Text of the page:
Netflix's 'Come Sunday' Will Strike A Chord In Even The Most Reluctant Among Us (Review)
Religion is one thing, but faith is something else entirely. In 1998, Pentecostal Bishop Carlton Pearson had a revelation about his faith and his understanding of the word of God that rattled him to his core. His new radical beliefs rippled through his life so abruptly that he lost everything he once held dear to him. Based on Bishop Pearson’s life and a 2005 episode of NPR’s This American Life entitled "Heretics," director Joshua Marston’s arresting Come Sunday forces its audience to look inward and evaluate what we truly believe. A superb Chiwetel Ejiofor takes on the cadence and stature of the Tusla-based minister who was able to fill the pews of his massive Higher Dimensions church each Sunday with both black and white parishioners. Deeply committed to capturing the period and the environment of the Bible Belt, Marston hones in on everything from the frenzy of the evangelical movement to the eclectic style of the late ‘90s. His attention to detail, even filming the bishop’s worn and written in Bible, made the film realistic. Religion can be a difficult subject for Hollywood to tackle, but in his beautifully nuanced portrayal, Ejiofor captures a man who risked everything for the chance to speak his truth.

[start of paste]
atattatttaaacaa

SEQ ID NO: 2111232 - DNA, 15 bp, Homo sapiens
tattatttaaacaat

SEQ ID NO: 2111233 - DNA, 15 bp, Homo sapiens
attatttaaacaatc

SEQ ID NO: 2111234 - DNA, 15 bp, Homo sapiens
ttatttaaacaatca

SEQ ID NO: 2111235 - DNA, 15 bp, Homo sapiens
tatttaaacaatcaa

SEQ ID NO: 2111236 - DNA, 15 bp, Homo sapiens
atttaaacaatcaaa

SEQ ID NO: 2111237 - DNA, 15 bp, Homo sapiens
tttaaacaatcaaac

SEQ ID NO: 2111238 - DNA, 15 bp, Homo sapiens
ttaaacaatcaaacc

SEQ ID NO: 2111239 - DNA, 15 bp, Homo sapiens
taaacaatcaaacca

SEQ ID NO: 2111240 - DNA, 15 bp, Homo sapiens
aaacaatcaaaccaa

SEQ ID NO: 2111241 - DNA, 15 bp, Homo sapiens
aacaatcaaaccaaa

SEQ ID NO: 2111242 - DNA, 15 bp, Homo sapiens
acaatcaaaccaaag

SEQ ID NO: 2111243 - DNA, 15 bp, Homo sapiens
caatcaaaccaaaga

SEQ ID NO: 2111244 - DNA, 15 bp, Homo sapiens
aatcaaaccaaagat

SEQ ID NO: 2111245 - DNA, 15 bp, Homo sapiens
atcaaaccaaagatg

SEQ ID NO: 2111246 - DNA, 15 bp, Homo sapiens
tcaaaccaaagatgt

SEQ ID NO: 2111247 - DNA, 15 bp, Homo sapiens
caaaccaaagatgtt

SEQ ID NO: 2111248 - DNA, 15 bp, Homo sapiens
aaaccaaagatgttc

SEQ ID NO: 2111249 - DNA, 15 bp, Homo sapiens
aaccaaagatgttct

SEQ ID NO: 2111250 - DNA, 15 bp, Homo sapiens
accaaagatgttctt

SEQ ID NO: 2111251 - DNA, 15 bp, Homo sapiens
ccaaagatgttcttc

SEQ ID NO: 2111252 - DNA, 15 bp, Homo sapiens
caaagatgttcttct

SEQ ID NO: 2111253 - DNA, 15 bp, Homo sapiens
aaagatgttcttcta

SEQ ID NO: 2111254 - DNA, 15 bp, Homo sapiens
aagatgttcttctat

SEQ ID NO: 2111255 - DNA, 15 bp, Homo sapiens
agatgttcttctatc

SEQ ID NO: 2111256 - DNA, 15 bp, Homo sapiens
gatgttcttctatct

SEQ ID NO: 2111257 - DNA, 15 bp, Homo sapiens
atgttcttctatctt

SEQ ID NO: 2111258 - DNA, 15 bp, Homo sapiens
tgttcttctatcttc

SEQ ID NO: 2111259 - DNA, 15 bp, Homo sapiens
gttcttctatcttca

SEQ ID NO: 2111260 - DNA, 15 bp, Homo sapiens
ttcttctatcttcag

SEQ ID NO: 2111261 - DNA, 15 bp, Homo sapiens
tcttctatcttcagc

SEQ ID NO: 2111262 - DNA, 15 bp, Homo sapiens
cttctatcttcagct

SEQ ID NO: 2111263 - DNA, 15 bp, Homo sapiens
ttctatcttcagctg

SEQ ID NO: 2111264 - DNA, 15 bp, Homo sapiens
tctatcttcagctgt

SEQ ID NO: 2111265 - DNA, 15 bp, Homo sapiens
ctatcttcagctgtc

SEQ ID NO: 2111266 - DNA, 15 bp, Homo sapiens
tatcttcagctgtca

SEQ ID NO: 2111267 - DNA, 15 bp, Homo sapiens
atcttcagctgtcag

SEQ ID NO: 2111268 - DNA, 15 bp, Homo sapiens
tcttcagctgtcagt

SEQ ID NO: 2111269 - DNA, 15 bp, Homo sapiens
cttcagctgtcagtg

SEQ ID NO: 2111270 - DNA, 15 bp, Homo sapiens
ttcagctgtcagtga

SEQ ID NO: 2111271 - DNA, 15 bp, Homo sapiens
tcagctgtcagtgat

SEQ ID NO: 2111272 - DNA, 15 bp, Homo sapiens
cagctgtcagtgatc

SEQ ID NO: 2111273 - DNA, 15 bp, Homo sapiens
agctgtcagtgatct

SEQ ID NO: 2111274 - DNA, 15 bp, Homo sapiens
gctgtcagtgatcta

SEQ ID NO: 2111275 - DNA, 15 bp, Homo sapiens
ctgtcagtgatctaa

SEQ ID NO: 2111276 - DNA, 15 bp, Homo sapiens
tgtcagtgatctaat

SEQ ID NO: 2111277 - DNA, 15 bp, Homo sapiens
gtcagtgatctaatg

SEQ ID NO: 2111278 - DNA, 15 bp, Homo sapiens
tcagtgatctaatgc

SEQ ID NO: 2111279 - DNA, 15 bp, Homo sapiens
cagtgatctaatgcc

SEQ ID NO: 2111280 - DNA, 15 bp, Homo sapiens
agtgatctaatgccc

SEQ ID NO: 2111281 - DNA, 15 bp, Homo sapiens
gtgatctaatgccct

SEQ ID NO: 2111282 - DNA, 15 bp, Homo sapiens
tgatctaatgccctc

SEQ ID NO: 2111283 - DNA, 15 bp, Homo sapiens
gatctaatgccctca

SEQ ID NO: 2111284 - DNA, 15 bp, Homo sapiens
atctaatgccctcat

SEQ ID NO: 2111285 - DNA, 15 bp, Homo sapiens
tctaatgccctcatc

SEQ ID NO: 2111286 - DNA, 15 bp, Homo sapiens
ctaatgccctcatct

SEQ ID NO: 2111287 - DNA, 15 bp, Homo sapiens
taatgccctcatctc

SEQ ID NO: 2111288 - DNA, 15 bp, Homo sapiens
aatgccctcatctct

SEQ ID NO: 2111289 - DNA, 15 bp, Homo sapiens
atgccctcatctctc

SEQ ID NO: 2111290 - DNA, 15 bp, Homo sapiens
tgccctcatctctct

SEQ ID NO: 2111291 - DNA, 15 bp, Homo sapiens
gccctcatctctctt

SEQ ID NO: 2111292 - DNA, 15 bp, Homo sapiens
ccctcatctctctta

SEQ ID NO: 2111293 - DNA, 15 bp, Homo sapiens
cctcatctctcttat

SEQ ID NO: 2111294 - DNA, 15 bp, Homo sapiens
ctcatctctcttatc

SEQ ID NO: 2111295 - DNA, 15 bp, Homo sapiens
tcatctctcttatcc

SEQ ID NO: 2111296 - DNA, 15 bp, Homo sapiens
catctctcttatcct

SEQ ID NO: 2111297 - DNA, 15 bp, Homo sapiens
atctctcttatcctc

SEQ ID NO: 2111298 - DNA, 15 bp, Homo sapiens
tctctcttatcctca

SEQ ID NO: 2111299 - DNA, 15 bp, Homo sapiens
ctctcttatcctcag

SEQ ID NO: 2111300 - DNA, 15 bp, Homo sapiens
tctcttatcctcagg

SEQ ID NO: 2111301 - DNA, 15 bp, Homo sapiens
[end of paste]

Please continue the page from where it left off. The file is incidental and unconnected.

Amid the Rwandan genocide and grappling with the death of his beloved uncle (Danny Glover) who never gave his life to the Lord, Bishop Pearson hears God’s voice and has an epiphany. He believes that everyone is already saved and that there is no hell. On the pulpit one faithful Sunday he declares, “The God that we worship, from the parts of the Bible that we focus on, that God is a monster … worse than Hitler.” At the time, Bishop Pearson was affectionately referred to as Oral Robert’s “black son” in his community. His revelation, therefore, would crack his world open.
It’s not just Ejiofor who is captivating in this film, Condola Rashad is masterful as his often overlooked wife, Gina Pearson. A reluctant first lady and an outsider, Rashad presents a woman who continually sacrifices her needs for the church. Subverting the image of the meek and docile wife, Gina voices her opinions and ideas even when they aren’t popular. Rashad’s restraint in the role is what allows Gina’s strength to shine. When everyone else abandons Bishop Pearson, Gina remains steadfast, loyal and at his side — urging him to press forward despite the obstacles.
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